University of Eastern Finland
Ilkka Liikanen is Professor of Border and Russian studies at the Karelian Institute, University of Eastern Finland and Docent in Political History at the University of Helsinki. In 2017 he worked as visiting scholar at Carleton University, Ottawa. He has published widely on nationalism and nation-building, social movements and political language as well as post-Soviet politics and borders. He is the editor of Routledge Borderlands Studies.
Kimmo Katajala is Professor of History at the Department of Geographical and Historical Studies, University of Eastern Finland and Adjunct Professor (Docent) in History at Tampere University. The main topics in his publications are social disturbances, history of borders, cartography and state building in the early modern period. In his ongoing projects he is studying the influence of society’s lower strata on state building processes, and urban history in cartography and historical memory.
Alina Kuusisto is a postdoctoral researcher at the Karelian Institute, University of Eastern Finland. She gained her PhD in 2017 in Finnish History. She has studied higher education policy, Finnish and European policies of cross-border cooperation and local and regional history of North Karelia and Eastern Finland in 19th and 20th centuries.
Jenni Merovuo is an early stage researcher at the Department of Geographical and Historical studies, University of Eastern Finland. In 2018, she was a visiting doctoral scholar at the University of Stockholm. She studies border history, and peripheral and from-below agency from the 18th century to the 20th century. Her PhD research focuses on border-building and belonging to a state on the Russo-Swedish borderland in the late-18th century.
Antti Härkönen is a junior researcher at the Department of Geographical and Historical Studies at the University of Eastern Finland specialising in digital humanities and pre- 20th century history. He is writing a dissertation on the use of geospatial analysis in historical research using the spatial segregation of religious groups of Vyborg as a case study.
University of Turku
Marja Jalava acts as Professor in Cultural History at the School of History, Culture and Arts Studies at the University of Turku. She gained her PhD in 2005 at the University of Helsinki in Finnish and Scandinavian History. Her research interests lie in intellectual history, conceptual history, history of historiography, history of emotions, and the modern history of Finland and the Nordic countries.
European University of St. Petersburg
Natalia Potapova received her PhD (Candidate Degree) in Russian history from the Russian Academy of Sciences in 2000, and currently is an associate professor at the European University at St.Petersburg and a research fellow at the Center “Res Publica”. Her research interests concerns with the Russian History of XVIII-early XIX century in comparative perspective, the History of political concepts and Russian Republicanism, Cultural History. Natalia was a research fellow at the National Library of Russia and worked on the content analysis of Russian periodical press of the first half of XIX century. She is also interested in criticism of historical knowledge and participated in several international projects devoted to the historiography and contemporary historical thought.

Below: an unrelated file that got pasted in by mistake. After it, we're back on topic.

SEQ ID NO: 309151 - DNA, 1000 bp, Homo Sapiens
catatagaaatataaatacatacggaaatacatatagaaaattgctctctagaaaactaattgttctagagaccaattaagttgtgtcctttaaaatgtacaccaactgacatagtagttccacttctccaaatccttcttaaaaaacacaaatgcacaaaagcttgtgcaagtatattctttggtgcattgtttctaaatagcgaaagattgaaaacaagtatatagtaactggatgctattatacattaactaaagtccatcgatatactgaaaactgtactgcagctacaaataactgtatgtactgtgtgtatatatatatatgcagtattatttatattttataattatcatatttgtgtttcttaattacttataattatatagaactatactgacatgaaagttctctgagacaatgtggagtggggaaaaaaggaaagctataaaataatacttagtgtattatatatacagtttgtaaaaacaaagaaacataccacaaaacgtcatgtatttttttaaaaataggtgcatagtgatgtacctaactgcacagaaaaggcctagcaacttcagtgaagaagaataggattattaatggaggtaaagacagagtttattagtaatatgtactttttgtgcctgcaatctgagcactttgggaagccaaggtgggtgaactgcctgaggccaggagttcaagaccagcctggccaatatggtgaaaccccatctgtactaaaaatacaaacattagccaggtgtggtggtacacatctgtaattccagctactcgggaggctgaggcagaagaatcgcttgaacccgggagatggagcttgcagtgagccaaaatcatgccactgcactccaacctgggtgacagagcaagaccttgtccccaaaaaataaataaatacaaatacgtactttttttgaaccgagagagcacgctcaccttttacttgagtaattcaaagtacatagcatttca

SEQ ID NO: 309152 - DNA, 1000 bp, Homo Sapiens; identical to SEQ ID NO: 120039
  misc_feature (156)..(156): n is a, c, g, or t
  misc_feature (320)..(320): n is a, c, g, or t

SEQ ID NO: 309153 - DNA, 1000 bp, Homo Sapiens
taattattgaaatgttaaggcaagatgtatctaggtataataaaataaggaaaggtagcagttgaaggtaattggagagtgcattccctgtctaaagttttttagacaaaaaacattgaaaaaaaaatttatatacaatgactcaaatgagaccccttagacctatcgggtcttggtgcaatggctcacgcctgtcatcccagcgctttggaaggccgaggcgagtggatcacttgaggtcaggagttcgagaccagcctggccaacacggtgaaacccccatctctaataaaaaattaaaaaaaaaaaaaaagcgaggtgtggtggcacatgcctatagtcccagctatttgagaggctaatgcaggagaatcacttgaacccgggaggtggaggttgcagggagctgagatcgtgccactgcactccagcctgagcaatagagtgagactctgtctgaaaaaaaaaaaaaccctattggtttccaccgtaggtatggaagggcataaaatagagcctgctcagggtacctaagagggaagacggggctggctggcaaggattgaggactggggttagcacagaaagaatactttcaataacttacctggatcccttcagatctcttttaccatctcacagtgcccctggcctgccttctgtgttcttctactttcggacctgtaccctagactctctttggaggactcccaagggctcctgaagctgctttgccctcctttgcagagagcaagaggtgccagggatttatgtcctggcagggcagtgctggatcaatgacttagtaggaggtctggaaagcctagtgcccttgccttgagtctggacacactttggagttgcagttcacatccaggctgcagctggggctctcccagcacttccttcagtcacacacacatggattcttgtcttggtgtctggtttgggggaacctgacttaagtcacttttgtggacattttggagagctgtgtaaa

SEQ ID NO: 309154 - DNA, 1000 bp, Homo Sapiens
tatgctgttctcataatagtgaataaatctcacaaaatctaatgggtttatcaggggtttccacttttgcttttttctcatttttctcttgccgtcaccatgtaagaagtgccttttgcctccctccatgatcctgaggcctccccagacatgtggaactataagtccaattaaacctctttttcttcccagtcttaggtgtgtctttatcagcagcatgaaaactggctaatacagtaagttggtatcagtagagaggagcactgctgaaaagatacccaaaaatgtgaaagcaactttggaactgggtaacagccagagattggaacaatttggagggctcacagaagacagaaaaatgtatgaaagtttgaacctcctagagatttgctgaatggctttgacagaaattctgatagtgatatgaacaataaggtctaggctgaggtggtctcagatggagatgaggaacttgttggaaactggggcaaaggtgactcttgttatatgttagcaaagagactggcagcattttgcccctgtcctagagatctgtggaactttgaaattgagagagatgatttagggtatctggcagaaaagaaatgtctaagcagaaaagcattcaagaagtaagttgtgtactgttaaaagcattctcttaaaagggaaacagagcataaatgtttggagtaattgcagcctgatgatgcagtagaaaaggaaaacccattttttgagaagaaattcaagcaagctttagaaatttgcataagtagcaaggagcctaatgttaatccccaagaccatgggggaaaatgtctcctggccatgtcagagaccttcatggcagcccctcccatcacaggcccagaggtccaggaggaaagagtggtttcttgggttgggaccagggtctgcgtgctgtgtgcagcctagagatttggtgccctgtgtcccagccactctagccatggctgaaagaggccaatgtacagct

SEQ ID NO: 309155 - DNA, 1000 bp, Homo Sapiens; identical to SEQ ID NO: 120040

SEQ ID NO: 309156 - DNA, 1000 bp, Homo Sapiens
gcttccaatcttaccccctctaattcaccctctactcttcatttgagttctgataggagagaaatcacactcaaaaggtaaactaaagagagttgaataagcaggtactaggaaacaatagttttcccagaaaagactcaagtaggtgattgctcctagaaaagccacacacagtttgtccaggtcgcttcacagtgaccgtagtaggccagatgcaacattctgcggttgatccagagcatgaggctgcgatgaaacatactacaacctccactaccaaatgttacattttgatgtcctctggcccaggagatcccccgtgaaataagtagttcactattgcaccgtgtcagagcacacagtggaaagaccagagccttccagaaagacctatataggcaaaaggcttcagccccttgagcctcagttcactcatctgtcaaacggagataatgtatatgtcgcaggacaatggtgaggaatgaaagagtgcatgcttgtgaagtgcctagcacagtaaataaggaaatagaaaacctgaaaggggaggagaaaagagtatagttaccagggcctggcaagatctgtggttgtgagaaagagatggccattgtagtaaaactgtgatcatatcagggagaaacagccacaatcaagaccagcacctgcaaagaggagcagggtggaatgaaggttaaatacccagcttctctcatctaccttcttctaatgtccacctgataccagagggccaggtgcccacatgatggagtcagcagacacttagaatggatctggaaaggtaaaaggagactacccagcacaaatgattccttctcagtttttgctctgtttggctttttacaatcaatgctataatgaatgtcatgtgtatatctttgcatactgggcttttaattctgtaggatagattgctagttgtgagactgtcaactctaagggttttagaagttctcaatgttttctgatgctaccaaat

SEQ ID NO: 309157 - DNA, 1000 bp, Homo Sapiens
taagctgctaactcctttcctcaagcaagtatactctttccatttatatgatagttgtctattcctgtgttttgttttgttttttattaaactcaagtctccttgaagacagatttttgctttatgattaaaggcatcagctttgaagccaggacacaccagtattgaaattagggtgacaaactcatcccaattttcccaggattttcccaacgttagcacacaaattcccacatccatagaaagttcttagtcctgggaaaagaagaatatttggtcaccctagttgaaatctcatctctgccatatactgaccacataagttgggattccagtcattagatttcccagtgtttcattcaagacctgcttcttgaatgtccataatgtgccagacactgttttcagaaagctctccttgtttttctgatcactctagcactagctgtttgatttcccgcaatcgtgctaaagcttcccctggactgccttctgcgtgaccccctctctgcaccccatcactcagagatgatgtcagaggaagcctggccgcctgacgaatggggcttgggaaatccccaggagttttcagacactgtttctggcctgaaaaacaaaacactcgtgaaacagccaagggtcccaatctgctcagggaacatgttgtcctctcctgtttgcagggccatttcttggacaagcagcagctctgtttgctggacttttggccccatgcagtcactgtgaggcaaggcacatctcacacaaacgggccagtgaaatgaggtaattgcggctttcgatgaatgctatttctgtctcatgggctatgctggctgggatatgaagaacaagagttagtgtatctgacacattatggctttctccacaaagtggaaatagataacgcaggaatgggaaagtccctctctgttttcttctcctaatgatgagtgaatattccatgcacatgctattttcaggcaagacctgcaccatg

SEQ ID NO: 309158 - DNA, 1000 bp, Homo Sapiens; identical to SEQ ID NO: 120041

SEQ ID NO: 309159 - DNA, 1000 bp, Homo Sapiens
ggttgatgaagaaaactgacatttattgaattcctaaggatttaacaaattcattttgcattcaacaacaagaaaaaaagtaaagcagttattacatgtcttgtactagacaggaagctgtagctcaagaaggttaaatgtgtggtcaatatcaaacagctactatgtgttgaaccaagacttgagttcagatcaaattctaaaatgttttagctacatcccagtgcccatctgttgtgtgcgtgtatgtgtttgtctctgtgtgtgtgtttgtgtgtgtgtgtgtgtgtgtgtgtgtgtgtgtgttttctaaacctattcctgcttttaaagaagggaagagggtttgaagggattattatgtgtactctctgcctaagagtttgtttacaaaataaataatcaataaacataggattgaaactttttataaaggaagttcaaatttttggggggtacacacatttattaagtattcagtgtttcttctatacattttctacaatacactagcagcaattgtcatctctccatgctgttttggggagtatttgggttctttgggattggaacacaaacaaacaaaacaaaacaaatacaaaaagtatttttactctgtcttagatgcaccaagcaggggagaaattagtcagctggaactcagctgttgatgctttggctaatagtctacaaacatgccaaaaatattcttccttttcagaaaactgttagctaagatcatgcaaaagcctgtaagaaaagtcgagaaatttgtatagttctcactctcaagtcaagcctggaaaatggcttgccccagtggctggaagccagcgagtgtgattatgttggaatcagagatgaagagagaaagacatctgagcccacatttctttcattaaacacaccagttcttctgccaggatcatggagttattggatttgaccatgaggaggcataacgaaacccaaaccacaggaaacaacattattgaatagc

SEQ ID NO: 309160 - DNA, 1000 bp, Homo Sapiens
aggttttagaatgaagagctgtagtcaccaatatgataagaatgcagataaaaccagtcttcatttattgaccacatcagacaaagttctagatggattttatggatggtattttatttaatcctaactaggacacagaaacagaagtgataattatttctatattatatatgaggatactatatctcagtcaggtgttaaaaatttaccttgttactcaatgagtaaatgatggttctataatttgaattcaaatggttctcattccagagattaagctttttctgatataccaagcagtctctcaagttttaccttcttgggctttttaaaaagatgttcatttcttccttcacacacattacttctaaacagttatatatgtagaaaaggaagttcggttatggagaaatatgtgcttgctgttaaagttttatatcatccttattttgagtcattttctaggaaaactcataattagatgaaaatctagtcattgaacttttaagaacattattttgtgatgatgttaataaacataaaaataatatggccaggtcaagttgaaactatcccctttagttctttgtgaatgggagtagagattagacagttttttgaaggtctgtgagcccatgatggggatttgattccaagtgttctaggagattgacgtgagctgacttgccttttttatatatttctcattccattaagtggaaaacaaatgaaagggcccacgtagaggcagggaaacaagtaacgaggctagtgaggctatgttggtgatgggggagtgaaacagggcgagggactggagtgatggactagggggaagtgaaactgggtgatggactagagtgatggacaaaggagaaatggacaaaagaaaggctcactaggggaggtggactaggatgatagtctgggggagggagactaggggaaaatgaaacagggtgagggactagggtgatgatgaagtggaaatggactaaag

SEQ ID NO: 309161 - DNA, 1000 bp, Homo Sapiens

University of Helsinki
Jani Marjanen is a postdoctoral researcher at the University of Helsinki from where he gained his PhD in 2014. In 2014-2015 he was visiting scholar at the Max Planck Institute for Human Development, Berlin. He specializes in late eighteenth-century and early nineteenth-century language of economic patriotism in Scandinavia, the theory and method of conceptual history, and public debate in Finland in the nineteenth century. He is one of the editors of Contributions to the History of Concepts (https://www.berghahnjournals.com/view/journals/contributions/contributions-overview.xml).
University of Södertörn
Jussi Kurunmäki is Adjunct Professor (Docent in Political Science 2011 and in Political History 2018), working at Tampere University. Previously, he led a research project at the University of Helsinki. He has for many years worked as a research fellow and lecturer at the Department of Political Science, Stockholm University, and at the Institute of Contemporary History, Södertörn University. His main fields of research include nineteenth- and twentieth-century conceptual history and the political rhetoric of isms. He is one of the editors of the Finnish anthology of conceptual history Käsitteet liikkeessä (Concepts in Motion) (2003), Rhetorics of Nordic Democracy (2010), Democracy in Modern Europe: A Conceptual History (2018), and the special issue on the political rhetoric of isms in Journal of Political Ideologies (2018). Kurunmäki is the chairperson of the international network Concepta – International Research Seminars in Conceptual History and Political Thought.